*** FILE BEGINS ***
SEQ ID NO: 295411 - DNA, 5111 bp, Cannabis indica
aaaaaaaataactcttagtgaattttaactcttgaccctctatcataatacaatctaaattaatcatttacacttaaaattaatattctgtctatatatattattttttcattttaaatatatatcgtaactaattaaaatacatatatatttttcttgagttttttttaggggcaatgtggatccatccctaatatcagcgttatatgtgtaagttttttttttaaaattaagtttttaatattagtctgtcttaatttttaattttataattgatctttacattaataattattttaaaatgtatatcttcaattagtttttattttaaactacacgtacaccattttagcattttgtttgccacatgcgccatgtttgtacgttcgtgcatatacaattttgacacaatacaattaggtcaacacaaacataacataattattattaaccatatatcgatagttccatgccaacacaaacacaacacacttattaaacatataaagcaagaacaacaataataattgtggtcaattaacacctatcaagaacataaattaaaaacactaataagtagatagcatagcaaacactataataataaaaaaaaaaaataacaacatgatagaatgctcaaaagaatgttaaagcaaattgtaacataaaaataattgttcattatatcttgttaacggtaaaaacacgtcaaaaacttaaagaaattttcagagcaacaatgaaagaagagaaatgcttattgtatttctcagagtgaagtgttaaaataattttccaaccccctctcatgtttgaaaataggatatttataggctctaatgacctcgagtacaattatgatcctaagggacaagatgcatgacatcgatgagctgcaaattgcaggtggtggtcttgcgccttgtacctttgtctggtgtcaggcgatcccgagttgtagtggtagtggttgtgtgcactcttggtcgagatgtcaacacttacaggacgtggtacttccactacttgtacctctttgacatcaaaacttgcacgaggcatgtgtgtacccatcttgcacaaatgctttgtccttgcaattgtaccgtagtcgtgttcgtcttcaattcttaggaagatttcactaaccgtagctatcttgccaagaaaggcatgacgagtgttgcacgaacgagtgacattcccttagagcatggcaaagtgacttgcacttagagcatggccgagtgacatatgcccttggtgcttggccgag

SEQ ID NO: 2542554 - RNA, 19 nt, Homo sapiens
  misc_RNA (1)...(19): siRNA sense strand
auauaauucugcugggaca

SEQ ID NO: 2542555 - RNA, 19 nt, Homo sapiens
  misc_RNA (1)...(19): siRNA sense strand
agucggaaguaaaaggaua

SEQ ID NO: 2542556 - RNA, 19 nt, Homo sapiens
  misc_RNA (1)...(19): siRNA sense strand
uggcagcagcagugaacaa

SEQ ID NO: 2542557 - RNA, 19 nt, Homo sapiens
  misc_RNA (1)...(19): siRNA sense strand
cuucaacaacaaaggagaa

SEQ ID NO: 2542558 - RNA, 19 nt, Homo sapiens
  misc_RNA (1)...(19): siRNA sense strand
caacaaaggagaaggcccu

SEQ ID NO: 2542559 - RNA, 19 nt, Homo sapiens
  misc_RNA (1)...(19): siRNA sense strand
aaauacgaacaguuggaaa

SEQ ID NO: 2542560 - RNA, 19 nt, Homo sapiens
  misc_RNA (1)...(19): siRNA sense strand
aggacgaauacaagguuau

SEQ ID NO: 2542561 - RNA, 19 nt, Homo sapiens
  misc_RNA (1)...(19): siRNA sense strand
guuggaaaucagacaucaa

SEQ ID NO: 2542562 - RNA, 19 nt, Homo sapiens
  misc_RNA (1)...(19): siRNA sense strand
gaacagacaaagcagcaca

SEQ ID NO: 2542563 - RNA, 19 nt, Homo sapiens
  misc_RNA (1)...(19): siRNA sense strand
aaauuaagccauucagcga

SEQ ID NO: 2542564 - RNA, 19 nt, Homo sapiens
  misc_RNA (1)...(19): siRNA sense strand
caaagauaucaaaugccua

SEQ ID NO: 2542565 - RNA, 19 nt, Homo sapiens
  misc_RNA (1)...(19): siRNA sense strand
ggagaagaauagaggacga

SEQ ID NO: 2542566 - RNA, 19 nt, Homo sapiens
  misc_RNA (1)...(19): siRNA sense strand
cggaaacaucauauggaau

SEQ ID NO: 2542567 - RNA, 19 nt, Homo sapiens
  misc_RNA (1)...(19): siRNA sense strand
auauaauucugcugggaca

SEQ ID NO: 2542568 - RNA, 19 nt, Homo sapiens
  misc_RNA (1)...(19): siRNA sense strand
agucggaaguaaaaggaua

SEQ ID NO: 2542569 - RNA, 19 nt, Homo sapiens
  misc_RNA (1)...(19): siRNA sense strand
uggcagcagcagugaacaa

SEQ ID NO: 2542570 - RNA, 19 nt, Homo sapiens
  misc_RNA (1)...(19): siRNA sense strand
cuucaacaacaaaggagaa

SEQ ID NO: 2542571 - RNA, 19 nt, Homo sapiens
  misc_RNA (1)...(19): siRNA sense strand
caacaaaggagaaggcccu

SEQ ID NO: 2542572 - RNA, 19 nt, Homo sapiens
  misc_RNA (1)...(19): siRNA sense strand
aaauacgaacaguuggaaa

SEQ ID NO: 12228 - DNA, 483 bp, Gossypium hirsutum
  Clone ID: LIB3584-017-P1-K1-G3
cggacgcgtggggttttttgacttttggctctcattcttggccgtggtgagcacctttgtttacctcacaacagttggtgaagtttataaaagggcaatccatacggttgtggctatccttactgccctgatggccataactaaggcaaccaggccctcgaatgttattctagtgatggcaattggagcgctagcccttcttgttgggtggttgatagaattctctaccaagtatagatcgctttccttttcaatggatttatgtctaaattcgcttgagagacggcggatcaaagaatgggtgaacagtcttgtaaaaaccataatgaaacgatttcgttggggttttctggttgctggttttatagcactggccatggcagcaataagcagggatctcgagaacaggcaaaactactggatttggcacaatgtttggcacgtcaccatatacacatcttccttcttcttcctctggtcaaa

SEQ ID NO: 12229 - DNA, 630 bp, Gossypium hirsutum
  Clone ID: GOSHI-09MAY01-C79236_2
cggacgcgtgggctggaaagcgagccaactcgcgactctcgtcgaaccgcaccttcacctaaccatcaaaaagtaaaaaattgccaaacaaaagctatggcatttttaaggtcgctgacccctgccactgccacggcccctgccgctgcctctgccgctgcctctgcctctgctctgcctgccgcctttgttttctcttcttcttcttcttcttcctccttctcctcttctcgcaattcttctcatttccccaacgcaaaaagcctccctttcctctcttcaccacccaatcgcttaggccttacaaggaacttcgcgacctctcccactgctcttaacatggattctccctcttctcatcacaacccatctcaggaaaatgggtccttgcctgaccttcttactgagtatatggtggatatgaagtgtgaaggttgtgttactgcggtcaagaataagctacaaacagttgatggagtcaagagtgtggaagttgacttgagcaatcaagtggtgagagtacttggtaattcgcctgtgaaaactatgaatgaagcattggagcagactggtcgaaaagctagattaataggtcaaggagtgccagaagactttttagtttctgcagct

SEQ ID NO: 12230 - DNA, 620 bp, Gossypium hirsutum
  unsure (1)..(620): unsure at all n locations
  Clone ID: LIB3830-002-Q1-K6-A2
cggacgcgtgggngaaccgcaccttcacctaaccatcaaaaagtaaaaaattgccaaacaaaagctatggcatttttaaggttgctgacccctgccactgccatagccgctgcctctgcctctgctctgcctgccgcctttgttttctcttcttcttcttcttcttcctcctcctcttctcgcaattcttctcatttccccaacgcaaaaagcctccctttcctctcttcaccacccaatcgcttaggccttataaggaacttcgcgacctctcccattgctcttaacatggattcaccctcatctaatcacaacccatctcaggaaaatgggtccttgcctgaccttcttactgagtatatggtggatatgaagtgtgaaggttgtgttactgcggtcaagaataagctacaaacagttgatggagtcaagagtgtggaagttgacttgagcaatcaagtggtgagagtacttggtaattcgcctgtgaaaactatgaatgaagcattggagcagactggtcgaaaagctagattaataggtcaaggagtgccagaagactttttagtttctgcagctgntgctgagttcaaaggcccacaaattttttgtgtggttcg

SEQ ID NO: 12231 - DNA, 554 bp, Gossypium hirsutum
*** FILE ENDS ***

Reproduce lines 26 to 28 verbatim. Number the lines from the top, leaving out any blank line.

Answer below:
guuggaaaucagacaucaa

SEQ ID NO: 2542562 - RNA, 19 nt, Homo sapiens
  misc_RNA (1)...(19): siRNA sense strand